That is not even close to the case for Carter. His FPIES along with his complex gastrointestinal complications make it impossible for him to eat solid food or absorb nutrients properly.

“He’s never been able to eat normal food,” Cache said. “I think we can count on two hands the times we’ve tried successfully. Other than that we’ve tried numerous food options and the only thing that really works for Carter is old-school chicken bone broth that I make him.”

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Over the years, Carter has been fitted with 13 PICC (Peripherally Inserted Central Catheter) lines, a long tube inserted into a large vein in the arm, leg or neck that goes to the heart. It is used for long-term delivery of nutrition, antibiotics and medication and to allow for drawing of blood.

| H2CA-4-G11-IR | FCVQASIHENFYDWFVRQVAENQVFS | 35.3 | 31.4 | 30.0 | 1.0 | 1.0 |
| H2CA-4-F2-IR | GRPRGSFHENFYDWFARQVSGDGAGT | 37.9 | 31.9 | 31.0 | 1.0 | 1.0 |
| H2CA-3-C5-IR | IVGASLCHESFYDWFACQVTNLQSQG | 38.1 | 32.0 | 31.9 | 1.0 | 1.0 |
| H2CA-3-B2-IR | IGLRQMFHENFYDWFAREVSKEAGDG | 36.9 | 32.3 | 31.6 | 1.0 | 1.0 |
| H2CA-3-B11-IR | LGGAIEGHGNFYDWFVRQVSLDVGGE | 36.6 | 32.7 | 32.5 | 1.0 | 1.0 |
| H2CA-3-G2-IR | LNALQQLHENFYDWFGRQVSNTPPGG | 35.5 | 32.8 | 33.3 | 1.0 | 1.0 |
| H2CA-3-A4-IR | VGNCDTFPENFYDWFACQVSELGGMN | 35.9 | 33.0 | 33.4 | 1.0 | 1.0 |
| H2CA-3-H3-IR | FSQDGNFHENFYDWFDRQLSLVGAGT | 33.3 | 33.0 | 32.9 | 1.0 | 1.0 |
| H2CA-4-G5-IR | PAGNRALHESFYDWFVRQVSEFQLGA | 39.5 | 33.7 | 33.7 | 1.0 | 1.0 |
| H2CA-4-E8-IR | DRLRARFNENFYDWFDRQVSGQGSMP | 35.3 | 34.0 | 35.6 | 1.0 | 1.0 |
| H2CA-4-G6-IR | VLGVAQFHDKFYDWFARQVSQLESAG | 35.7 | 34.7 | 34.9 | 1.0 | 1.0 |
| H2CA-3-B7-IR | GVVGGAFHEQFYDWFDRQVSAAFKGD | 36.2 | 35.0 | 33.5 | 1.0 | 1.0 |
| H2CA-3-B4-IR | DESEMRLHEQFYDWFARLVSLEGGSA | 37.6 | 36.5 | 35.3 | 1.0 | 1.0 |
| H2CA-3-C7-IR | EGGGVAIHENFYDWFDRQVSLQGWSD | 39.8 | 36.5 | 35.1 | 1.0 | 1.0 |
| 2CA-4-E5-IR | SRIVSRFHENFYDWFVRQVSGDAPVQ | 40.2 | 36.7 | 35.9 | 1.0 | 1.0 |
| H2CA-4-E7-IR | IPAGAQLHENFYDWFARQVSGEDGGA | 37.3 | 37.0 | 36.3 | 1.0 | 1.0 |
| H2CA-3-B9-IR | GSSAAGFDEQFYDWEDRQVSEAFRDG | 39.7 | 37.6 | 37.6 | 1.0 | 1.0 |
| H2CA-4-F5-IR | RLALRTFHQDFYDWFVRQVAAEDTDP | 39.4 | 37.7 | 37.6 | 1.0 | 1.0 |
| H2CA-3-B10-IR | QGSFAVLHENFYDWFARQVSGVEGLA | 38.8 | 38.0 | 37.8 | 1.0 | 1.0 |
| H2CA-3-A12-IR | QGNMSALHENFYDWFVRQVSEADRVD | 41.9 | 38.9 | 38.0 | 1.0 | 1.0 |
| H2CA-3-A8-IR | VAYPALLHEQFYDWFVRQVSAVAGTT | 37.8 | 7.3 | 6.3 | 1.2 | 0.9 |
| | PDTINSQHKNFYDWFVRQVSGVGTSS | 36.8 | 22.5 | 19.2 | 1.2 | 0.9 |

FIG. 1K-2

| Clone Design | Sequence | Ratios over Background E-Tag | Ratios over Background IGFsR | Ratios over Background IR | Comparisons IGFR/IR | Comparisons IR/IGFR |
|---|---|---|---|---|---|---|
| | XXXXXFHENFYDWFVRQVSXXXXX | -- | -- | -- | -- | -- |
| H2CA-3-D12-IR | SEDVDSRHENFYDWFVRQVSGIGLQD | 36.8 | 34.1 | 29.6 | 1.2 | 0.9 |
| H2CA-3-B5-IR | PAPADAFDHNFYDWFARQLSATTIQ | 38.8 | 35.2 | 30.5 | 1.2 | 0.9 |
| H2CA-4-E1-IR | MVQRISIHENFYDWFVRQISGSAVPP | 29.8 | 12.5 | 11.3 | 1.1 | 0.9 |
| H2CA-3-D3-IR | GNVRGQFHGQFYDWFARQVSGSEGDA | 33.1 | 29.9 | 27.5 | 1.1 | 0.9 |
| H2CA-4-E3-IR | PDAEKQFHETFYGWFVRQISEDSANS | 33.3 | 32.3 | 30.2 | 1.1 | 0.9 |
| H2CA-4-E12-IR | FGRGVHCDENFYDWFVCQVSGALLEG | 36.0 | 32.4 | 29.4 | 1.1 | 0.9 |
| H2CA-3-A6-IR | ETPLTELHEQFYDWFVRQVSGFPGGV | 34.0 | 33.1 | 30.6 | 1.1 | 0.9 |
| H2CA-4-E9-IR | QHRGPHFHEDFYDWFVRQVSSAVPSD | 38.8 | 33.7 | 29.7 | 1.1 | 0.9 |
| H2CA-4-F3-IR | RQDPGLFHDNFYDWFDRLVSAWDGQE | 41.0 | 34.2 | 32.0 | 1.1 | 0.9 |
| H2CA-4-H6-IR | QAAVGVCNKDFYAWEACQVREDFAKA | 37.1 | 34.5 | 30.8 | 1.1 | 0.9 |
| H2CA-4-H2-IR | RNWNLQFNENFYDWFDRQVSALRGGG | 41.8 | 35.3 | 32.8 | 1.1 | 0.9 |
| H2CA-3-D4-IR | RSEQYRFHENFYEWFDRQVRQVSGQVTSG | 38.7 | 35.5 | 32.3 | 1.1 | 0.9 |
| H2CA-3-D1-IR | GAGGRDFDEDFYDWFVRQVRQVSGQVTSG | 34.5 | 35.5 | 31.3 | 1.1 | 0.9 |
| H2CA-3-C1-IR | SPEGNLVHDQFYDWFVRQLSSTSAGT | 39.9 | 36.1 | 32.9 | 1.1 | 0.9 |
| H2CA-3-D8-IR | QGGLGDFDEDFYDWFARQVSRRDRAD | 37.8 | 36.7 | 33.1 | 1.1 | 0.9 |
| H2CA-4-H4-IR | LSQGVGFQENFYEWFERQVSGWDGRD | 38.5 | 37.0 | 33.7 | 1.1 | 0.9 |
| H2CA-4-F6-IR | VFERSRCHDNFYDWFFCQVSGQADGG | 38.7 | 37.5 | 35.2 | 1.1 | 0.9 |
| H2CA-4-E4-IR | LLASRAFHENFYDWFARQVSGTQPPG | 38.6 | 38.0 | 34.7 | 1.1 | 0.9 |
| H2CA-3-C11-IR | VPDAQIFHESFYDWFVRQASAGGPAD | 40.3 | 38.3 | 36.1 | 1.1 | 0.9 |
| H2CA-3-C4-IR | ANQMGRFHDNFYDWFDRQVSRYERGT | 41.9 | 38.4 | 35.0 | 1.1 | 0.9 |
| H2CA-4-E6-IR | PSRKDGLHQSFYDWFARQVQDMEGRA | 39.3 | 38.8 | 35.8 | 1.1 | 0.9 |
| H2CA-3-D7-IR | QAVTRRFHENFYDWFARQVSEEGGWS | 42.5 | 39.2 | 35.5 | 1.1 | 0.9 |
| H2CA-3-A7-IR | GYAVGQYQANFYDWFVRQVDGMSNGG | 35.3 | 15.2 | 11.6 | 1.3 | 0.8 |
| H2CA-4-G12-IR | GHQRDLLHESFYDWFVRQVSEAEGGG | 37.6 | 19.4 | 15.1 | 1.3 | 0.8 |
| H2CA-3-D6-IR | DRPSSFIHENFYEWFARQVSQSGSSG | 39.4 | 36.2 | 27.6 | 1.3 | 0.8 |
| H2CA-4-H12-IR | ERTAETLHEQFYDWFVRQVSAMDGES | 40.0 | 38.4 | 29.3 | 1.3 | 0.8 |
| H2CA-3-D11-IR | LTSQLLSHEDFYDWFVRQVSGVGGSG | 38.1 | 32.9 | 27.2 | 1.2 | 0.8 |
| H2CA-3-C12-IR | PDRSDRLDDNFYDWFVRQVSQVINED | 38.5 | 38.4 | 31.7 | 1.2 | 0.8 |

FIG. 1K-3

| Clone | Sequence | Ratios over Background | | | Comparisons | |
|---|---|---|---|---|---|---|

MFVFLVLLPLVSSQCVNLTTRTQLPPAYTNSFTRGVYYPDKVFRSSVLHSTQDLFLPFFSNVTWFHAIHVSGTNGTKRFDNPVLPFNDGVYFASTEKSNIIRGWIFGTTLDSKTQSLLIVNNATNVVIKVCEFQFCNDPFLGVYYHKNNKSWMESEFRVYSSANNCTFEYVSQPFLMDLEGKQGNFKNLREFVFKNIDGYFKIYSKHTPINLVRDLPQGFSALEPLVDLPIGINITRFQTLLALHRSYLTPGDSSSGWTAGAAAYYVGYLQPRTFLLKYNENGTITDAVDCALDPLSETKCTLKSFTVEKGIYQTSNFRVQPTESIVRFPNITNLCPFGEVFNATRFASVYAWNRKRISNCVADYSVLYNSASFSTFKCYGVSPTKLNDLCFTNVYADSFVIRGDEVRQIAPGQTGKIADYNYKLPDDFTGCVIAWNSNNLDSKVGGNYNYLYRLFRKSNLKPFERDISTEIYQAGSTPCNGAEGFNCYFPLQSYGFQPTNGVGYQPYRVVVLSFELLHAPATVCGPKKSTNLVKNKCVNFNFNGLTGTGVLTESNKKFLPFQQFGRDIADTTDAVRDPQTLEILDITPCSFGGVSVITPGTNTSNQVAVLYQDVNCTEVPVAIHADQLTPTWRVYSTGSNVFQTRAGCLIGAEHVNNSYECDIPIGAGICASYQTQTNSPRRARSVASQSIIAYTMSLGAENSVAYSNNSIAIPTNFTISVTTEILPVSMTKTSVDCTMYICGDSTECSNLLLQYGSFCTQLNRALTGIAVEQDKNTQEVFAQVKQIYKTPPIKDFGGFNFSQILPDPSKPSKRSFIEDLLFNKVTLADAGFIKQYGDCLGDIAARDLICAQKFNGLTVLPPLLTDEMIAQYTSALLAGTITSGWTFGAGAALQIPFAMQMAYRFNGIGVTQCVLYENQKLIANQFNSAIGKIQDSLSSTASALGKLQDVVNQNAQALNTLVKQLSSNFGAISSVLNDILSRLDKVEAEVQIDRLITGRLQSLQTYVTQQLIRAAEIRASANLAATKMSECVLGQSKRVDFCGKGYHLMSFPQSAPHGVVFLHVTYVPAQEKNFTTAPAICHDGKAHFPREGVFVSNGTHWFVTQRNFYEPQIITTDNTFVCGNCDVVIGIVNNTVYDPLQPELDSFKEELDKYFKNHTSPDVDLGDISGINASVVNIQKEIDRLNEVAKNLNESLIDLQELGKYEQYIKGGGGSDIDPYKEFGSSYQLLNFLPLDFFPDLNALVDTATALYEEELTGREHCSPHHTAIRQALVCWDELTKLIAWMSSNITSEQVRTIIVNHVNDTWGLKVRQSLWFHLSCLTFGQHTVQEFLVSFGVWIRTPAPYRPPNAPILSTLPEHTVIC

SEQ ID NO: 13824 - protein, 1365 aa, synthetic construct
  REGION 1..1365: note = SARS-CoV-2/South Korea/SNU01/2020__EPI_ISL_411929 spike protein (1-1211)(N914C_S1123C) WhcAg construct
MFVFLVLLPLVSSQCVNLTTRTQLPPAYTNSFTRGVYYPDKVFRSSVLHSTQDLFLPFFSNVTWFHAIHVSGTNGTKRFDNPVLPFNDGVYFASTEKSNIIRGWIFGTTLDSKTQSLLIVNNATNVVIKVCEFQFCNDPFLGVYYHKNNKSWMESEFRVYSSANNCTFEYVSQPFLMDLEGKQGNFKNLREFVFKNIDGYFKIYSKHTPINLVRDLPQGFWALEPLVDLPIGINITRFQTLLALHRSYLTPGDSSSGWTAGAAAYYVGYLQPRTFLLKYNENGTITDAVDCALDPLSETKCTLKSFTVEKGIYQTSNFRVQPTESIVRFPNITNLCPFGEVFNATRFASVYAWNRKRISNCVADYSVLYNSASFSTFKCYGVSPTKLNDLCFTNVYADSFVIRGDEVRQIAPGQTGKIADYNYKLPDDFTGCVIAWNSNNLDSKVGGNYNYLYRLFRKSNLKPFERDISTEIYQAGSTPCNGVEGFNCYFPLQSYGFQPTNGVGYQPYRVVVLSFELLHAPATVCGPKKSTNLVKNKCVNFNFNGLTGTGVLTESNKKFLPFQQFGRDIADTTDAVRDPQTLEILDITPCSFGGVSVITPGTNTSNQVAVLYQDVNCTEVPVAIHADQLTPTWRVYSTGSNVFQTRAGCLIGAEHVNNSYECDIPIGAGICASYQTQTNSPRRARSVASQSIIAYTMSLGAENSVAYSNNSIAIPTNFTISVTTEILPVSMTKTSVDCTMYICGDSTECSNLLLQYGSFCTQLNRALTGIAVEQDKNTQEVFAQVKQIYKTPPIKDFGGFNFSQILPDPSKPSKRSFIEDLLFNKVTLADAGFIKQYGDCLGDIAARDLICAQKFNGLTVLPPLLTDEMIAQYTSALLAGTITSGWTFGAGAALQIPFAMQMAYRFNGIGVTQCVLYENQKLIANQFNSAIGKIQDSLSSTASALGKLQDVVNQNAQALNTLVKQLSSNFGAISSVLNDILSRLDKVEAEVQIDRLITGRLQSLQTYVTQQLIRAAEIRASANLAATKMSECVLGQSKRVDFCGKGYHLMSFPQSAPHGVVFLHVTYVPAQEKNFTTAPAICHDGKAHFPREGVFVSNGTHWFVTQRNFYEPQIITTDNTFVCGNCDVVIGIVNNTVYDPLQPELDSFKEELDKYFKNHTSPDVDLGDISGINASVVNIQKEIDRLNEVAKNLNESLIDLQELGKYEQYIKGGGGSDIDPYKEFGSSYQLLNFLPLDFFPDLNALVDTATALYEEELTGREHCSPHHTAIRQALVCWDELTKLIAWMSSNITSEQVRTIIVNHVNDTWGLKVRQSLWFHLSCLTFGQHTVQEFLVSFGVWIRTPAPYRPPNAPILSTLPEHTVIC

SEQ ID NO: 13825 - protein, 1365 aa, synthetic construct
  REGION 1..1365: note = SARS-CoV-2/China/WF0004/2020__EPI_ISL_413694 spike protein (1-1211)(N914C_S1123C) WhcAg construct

More recently, the PICC lines have been replaced with Hickman line (similar, but inserted directly into his chest).

“He’s been pricked so many times, he doesn’t have any more sites; he has too much scar tissue,” Cache said.

Carter receives 70 per cent of his nutrition through the Hickman line from Total Parenteral Nutrition (TPN), a solution of electrolytes, sugars, amino acids (protein), vitamins, minerals, and lipids (fats).

He is also fitted with a Gastrostomy Tube (G-Tube) that delivers the other 30 per cent of his nutritional needs directly to his stomach via a hypoallergenic formula called Paramino.

In addition to nutrition, Carter’s Hickman line delivers an alphabet soup of immune system medication, antibiotics, steroids and more medication to counteract the side effects of the steroids, which is osteoporosis.